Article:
Peat – the fossil fuelTorf – das fossile Brennmaterial
For many centuries, people living near marshes have been using peat as heating material. For the Scots of the Highlands and the Islands, a „turf bank“ was like a real bank as it constituted an important part of a clan’s wealth. Peat is a product of herbal decomposition and is primarily formed in damp, swampy regions with a lot of rainfall.
Naturally, peat from deep layers has another consistence than new peat from upper layers. A peat cutter has to know about the herbal composition because many distilleries use peat of a particular mixture. “Highland Park” for example prefers a composition of all three layers, which are rich in heather and small roots. The geographical position also has its influence on the consistence of the peat. For instance, peat from the Scottish Highlands (as Speyside peat) shows a higher proportion of broad-leafed plants giving it a rather compact texture.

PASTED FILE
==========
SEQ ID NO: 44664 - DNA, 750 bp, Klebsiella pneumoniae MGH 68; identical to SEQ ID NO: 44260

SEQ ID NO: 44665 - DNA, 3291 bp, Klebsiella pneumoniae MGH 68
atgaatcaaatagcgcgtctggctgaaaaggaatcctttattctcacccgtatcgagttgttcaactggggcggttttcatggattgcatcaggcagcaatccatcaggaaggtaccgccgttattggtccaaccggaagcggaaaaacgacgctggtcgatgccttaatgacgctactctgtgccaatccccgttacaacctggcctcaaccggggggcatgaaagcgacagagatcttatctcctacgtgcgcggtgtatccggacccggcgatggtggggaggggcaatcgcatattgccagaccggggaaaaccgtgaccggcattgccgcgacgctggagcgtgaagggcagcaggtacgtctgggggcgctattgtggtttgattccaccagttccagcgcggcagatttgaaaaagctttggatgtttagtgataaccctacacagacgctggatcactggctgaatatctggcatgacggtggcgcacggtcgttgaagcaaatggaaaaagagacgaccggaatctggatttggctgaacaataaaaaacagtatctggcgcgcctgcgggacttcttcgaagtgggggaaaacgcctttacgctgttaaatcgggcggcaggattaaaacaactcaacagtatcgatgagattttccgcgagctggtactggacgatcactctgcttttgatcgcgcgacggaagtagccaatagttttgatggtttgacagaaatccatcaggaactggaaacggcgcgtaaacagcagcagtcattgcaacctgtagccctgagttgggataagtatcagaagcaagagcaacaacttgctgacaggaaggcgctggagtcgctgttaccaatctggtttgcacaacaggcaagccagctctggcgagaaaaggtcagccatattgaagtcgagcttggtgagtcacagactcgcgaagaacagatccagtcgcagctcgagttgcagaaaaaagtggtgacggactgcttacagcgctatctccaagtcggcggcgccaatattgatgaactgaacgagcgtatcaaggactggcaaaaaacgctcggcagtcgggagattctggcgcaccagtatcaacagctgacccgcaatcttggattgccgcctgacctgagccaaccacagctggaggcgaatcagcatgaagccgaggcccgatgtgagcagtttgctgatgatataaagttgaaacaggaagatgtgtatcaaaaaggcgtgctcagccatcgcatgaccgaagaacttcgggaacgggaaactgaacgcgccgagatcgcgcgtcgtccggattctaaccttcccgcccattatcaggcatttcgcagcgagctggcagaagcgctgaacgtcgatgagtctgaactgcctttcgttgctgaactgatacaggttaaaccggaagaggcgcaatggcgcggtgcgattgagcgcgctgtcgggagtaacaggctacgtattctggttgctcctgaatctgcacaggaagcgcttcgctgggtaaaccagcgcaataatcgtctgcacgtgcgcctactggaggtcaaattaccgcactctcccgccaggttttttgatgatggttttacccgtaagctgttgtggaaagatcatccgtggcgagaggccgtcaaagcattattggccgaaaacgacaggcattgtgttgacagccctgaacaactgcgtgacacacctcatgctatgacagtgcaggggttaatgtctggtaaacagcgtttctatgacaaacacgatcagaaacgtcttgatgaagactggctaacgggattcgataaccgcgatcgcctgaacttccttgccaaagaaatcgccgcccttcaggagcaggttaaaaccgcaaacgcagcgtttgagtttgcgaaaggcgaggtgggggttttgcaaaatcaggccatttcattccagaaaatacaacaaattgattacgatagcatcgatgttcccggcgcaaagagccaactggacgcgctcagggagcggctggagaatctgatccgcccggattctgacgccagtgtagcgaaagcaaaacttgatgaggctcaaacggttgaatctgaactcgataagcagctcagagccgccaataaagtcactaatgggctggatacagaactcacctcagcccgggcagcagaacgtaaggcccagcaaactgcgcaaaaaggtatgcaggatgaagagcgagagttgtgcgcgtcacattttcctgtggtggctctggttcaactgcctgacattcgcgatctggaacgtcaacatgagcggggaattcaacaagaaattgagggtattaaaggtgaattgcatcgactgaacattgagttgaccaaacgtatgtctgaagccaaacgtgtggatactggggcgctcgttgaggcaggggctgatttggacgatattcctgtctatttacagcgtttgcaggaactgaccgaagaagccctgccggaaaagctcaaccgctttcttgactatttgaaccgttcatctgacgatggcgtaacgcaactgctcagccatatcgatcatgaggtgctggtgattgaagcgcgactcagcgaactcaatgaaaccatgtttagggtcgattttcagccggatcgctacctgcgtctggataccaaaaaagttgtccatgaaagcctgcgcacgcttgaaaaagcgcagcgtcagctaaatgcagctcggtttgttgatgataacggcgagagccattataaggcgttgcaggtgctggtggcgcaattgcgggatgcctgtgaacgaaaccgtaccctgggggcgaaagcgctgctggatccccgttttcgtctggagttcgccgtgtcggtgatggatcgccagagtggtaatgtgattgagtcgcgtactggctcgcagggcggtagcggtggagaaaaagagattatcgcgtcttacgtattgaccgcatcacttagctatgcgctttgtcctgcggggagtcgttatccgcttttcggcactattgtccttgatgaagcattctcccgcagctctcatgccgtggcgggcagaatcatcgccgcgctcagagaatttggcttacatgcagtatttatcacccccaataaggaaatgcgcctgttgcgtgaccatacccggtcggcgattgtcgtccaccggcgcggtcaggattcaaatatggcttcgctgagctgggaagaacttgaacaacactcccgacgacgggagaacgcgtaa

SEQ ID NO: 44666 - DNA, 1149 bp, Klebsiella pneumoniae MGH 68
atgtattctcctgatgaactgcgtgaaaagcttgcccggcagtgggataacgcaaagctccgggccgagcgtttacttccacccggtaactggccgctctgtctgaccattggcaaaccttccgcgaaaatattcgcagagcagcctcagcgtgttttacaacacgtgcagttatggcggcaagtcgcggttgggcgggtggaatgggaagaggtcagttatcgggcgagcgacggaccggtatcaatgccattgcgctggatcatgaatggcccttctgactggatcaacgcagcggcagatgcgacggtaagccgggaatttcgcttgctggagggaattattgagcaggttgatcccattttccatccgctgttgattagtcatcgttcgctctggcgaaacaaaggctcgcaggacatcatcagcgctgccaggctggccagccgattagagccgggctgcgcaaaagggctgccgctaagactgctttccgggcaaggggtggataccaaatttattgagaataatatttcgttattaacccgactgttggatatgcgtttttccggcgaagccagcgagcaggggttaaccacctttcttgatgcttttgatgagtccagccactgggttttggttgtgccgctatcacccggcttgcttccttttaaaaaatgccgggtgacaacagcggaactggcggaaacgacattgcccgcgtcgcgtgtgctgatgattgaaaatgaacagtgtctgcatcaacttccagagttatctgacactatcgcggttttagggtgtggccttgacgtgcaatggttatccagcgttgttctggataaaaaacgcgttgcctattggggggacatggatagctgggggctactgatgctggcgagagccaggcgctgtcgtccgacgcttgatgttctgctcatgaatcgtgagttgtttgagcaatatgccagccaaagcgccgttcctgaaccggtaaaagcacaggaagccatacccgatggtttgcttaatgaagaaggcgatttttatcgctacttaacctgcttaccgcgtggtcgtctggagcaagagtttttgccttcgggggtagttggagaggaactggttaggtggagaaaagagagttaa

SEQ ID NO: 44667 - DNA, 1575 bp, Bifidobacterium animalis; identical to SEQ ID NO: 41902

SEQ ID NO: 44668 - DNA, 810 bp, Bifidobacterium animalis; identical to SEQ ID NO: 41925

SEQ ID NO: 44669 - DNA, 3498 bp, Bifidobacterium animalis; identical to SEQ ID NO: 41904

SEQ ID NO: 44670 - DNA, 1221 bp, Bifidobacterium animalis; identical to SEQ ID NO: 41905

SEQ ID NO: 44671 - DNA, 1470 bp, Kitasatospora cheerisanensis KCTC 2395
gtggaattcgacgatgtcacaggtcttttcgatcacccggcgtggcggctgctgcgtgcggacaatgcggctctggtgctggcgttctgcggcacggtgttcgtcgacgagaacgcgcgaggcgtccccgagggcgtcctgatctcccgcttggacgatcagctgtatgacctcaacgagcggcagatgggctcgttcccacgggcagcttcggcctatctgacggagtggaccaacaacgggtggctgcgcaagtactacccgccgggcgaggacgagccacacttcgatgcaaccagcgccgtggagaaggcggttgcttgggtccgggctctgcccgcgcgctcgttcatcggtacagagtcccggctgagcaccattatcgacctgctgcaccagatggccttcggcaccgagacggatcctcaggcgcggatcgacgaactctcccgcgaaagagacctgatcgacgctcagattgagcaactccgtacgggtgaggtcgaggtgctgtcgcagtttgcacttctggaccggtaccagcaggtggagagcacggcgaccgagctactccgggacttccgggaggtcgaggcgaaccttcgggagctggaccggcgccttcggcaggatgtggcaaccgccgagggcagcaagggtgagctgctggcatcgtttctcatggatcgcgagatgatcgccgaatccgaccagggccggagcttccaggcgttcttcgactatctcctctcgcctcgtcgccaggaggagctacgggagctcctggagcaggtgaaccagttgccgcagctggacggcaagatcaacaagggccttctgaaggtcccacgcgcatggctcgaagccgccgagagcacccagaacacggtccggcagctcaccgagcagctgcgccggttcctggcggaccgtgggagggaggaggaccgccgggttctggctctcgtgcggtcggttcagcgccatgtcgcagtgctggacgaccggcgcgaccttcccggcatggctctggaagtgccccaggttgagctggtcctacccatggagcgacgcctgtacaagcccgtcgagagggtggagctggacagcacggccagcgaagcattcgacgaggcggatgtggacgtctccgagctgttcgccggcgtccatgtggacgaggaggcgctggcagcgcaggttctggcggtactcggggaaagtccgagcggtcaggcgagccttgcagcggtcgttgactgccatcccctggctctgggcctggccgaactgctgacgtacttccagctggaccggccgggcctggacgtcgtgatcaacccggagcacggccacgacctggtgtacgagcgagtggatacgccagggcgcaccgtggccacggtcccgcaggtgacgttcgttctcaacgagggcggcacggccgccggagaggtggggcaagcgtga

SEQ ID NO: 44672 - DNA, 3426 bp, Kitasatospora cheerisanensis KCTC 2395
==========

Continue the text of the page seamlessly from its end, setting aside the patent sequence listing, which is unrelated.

So the dried peat is the traditional heating material of the Islands and the Highlands. Therefore, when producing malt, the peat was nothing more than cheap fuel to stop the germinating process at first. However, the early distillers quickly discovered that the peat smoke emits aromas to the malt, which can be very well tasted in the final product.